Rauch, Georg. Unlikely Warrior: A Jewish Soldier in Hitler's Army
February 24th 2015 by Farrar, Straus and Giroux (BYR)
E ARC from Edelweiss Above the Treeline
This memoir was penned by Mr. Rauch starting in the 1980s, and self-published in 2006, shortly before he passed away. It was written in German and translated by his wife, Phyllis Rauch. Letters that Rauch had sent home to his mother from the Russian front were the instigation for this tremendously interesting look at life at this time.
Georg grew up in Vienna, the son of a Jewish baroness and a gentile miltary man. Because of his father's war service, the family was left alone for a while, and his mother even sheltered Jews for a time. Georg did not manage to escape the draft, but luckily had skills as a telegraphist. He was going to be sent to officer's training, but when he told his commanding officer that he was Jewish, he was instead assigned to the infantry and sent to the front. He was still able to work as a communications officer, so instead of being involved directly in the fighting, he was often trying to reestablish communications, or telegraphing information back and forth. His letters tell intimate details of lice, worn out socks, the extreme cold of Russian winters, and the food situation. After spending time in Russia and being pushed back to Romania, he is taken prisoner by the Russians. Through luck, he manages to make some connections and agrees to spy on and report Nazis, but becomes tremendously ill. He is given special care because of his agreement, and is aided by a fellow Austrian... who turns out to most likely be a party member. Before Rauch has to turn him in, however, the Russians set them free, and he makes his way back to Vienna, eventually reconnecting with his family.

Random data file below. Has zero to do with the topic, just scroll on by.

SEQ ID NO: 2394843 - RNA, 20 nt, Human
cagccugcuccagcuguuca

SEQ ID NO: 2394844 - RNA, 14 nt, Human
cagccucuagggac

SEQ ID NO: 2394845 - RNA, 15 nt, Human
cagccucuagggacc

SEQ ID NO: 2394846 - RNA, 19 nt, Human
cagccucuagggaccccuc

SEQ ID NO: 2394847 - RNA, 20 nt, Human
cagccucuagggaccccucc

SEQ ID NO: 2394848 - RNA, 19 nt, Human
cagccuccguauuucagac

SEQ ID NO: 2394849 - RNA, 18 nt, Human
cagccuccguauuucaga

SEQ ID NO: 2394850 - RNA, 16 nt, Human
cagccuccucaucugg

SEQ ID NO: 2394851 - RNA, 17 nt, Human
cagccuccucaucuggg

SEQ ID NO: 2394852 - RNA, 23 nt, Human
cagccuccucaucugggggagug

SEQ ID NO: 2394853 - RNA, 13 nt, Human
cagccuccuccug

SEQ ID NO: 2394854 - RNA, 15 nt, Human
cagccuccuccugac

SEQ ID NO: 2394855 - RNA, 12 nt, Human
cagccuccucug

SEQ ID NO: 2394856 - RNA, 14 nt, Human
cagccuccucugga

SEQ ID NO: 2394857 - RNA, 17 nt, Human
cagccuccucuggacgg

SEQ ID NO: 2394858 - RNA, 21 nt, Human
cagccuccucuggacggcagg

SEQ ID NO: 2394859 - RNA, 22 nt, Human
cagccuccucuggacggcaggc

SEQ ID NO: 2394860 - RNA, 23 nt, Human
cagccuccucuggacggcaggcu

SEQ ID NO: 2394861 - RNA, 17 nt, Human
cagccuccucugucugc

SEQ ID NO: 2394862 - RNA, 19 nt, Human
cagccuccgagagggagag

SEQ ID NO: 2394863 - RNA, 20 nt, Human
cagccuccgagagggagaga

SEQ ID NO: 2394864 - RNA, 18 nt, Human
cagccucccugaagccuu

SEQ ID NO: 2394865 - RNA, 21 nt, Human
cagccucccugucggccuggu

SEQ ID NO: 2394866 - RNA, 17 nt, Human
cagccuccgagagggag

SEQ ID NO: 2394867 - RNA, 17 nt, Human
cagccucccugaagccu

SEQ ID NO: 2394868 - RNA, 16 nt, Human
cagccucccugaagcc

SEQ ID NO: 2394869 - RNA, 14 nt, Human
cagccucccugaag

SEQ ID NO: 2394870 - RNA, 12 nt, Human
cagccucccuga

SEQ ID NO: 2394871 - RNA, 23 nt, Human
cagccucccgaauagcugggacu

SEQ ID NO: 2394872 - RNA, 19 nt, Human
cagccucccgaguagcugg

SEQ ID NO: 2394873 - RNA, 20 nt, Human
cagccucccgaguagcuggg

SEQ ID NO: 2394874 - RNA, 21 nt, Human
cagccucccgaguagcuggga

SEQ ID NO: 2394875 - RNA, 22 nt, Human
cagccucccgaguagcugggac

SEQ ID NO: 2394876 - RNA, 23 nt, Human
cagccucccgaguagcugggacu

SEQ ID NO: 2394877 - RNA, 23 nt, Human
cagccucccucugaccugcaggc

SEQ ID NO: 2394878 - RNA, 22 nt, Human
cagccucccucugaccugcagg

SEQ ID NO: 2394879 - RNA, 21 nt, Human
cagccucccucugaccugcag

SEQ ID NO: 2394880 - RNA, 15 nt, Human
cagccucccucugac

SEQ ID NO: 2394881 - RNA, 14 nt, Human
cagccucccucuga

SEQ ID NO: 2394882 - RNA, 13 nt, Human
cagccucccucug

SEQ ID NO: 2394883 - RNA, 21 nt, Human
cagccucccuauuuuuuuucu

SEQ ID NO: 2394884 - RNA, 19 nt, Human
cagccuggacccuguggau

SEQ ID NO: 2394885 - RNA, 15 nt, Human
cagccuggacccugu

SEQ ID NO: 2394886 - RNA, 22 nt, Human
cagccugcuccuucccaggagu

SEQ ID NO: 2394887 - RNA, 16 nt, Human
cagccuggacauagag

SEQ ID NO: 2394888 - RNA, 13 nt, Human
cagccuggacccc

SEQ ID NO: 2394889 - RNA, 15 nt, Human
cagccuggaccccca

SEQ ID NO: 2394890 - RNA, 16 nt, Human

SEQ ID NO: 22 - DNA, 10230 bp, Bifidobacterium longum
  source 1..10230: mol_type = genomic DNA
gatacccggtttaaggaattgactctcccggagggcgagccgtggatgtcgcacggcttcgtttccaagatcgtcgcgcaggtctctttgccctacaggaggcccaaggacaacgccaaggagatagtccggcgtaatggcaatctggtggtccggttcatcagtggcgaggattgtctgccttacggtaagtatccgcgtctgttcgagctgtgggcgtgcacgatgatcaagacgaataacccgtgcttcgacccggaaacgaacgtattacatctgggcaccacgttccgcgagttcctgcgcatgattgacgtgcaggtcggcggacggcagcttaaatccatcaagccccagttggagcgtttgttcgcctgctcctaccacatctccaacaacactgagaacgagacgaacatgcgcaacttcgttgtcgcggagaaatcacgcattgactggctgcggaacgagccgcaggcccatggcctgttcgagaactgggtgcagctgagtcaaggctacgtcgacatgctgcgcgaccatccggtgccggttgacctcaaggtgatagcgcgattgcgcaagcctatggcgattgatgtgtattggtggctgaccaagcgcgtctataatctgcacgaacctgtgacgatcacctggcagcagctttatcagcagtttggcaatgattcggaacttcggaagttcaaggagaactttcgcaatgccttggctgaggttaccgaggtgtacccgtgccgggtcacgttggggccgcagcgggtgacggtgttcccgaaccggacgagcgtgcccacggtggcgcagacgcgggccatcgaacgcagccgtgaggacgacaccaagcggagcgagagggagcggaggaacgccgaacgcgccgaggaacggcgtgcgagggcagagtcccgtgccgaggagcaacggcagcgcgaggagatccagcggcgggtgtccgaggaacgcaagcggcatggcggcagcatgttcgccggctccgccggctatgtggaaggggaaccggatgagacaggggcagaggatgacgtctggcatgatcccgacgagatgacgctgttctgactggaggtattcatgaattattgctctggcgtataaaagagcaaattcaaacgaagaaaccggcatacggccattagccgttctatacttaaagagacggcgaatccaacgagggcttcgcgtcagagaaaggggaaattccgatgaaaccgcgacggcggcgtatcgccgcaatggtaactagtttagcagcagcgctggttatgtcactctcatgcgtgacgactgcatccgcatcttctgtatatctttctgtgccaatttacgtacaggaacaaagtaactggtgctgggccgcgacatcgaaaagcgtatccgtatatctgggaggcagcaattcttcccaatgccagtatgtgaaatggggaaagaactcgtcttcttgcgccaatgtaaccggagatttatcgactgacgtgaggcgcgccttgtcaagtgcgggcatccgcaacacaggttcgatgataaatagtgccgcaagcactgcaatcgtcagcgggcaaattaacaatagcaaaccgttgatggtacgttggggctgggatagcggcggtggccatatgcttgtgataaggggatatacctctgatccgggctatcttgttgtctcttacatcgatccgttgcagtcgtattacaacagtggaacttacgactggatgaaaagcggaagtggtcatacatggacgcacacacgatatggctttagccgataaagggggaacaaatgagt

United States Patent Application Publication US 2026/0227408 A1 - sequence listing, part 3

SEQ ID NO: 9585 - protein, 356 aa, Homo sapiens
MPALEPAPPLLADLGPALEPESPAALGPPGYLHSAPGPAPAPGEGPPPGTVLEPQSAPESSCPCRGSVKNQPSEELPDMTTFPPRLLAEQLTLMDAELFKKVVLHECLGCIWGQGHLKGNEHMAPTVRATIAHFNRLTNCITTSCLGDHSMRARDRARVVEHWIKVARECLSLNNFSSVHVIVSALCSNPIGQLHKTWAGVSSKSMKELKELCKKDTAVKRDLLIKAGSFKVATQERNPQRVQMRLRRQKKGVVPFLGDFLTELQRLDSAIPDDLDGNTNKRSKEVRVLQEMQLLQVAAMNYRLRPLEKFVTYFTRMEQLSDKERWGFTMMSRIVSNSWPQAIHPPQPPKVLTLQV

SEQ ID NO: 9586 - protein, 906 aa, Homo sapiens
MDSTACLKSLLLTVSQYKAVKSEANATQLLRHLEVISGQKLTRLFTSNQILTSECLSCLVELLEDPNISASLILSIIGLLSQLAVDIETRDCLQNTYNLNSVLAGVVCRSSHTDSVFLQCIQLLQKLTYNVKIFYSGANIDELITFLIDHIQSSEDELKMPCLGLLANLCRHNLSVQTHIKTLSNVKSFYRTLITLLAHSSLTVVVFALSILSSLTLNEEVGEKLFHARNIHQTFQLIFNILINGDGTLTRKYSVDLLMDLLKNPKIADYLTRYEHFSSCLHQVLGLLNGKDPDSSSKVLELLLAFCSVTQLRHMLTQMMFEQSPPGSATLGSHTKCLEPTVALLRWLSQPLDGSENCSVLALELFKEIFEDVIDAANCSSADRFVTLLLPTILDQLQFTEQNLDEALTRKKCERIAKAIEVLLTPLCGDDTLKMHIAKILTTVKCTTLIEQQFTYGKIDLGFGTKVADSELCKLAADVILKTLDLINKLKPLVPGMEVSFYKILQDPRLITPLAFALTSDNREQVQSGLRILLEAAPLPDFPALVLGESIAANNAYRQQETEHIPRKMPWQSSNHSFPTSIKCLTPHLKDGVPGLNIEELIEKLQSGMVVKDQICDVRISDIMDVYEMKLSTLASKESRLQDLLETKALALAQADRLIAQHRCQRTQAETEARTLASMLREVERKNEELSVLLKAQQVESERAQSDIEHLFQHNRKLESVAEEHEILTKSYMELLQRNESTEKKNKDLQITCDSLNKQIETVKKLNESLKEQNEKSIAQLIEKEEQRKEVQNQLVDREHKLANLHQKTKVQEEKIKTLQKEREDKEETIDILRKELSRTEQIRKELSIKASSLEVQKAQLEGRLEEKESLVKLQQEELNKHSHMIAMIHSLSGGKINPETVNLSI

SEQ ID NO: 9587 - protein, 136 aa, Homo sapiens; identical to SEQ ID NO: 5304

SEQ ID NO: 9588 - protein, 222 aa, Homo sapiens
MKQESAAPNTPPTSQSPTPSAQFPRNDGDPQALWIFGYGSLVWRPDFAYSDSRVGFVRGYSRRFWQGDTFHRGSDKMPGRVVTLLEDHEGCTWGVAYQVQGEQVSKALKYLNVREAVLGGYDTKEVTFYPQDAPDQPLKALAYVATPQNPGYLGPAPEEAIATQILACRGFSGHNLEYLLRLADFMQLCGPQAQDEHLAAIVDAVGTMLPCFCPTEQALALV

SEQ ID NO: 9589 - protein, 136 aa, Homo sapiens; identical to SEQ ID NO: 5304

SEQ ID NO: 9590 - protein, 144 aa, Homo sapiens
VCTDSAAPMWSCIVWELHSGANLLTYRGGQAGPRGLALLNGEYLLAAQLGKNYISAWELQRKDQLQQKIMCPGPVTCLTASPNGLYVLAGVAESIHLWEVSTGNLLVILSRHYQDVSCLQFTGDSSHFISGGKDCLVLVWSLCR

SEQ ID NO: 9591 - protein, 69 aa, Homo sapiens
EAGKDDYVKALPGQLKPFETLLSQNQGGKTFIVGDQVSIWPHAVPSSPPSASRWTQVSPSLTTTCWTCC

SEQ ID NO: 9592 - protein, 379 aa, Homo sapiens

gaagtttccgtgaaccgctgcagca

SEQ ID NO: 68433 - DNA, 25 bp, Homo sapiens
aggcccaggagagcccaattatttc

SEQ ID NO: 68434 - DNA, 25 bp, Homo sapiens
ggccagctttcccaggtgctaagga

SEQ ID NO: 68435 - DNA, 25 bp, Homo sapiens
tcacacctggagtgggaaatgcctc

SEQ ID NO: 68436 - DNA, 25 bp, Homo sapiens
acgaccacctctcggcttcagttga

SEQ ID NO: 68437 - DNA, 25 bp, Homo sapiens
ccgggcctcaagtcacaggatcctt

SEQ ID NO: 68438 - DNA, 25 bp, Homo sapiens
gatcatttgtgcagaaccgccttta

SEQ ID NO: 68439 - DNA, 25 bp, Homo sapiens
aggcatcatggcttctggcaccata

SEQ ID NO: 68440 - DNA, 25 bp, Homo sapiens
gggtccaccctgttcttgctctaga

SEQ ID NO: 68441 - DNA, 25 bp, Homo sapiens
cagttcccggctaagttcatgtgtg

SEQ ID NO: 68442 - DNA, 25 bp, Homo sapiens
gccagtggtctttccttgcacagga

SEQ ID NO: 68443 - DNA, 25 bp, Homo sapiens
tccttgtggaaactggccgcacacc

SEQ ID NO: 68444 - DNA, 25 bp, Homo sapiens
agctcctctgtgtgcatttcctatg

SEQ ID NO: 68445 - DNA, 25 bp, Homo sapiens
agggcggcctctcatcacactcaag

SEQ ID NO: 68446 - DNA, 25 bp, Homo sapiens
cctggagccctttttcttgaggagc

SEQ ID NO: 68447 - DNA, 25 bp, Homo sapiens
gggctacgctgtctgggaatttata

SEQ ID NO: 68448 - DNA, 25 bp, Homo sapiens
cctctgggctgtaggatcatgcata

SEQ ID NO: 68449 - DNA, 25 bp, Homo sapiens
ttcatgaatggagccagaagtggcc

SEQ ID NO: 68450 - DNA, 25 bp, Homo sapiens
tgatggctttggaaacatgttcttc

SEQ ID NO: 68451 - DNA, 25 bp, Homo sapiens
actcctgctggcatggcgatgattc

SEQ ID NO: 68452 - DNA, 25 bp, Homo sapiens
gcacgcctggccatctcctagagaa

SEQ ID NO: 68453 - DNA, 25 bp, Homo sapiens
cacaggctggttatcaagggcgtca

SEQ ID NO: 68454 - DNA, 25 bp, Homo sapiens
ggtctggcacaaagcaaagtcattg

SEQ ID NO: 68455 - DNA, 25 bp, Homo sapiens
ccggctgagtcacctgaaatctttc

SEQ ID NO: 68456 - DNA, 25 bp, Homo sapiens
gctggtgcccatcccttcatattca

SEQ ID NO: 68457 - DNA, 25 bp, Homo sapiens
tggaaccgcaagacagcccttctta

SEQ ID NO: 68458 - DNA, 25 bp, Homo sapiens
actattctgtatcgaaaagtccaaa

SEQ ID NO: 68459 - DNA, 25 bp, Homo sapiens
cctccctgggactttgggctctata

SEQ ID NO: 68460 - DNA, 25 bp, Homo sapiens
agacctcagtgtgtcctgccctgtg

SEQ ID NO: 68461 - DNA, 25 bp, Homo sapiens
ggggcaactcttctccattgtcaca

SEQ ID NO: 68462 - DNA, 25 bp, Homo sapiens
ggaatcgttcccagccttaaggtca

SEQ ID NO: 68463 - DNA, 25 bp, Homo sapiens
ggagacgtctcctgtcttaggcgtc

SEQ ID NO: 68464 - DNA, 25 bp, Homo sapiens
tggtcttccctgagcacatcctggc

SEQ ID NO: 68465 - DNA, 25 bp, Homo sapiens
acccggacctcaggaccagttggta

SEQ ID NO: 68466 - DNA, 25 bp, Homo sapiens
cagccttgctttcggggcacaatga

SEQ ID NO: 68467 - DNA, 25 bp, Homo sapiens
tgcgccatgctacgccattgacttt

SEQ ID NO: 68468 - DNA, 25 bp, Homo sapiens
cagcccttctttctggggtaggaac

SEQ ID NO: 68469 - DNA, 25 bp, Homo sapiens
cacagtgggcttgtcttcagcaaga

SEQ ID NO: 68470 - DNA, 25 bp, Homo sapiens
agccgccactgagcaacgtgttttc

Strengths: This was a fascinating look at a little covered (in the US) facet of WWII-- what it was like to be in the Wehrmacht. It shows vividly that so much of life is luck-- things could have gone wrong for Rauch at so many points in the procedures, and yet he survives. I had a dear friend who was from Polish Silesia who also served against his will, and who was stationed in very much the same areas, so the story rings very true. The inclusion of the letters shows an unusually optimistic outlook, tempered by the analysis of an older and wiser viewpoint.
Weaknesses: I had to stop and refresh my memory on some of the fine points of who-was-where during the war; younger readers might benefit from more historical notes, but this would certainly dilute the narrative.
What I really think: Highly recommended. Just sad that Rauch is no longer with us to see this be widely read.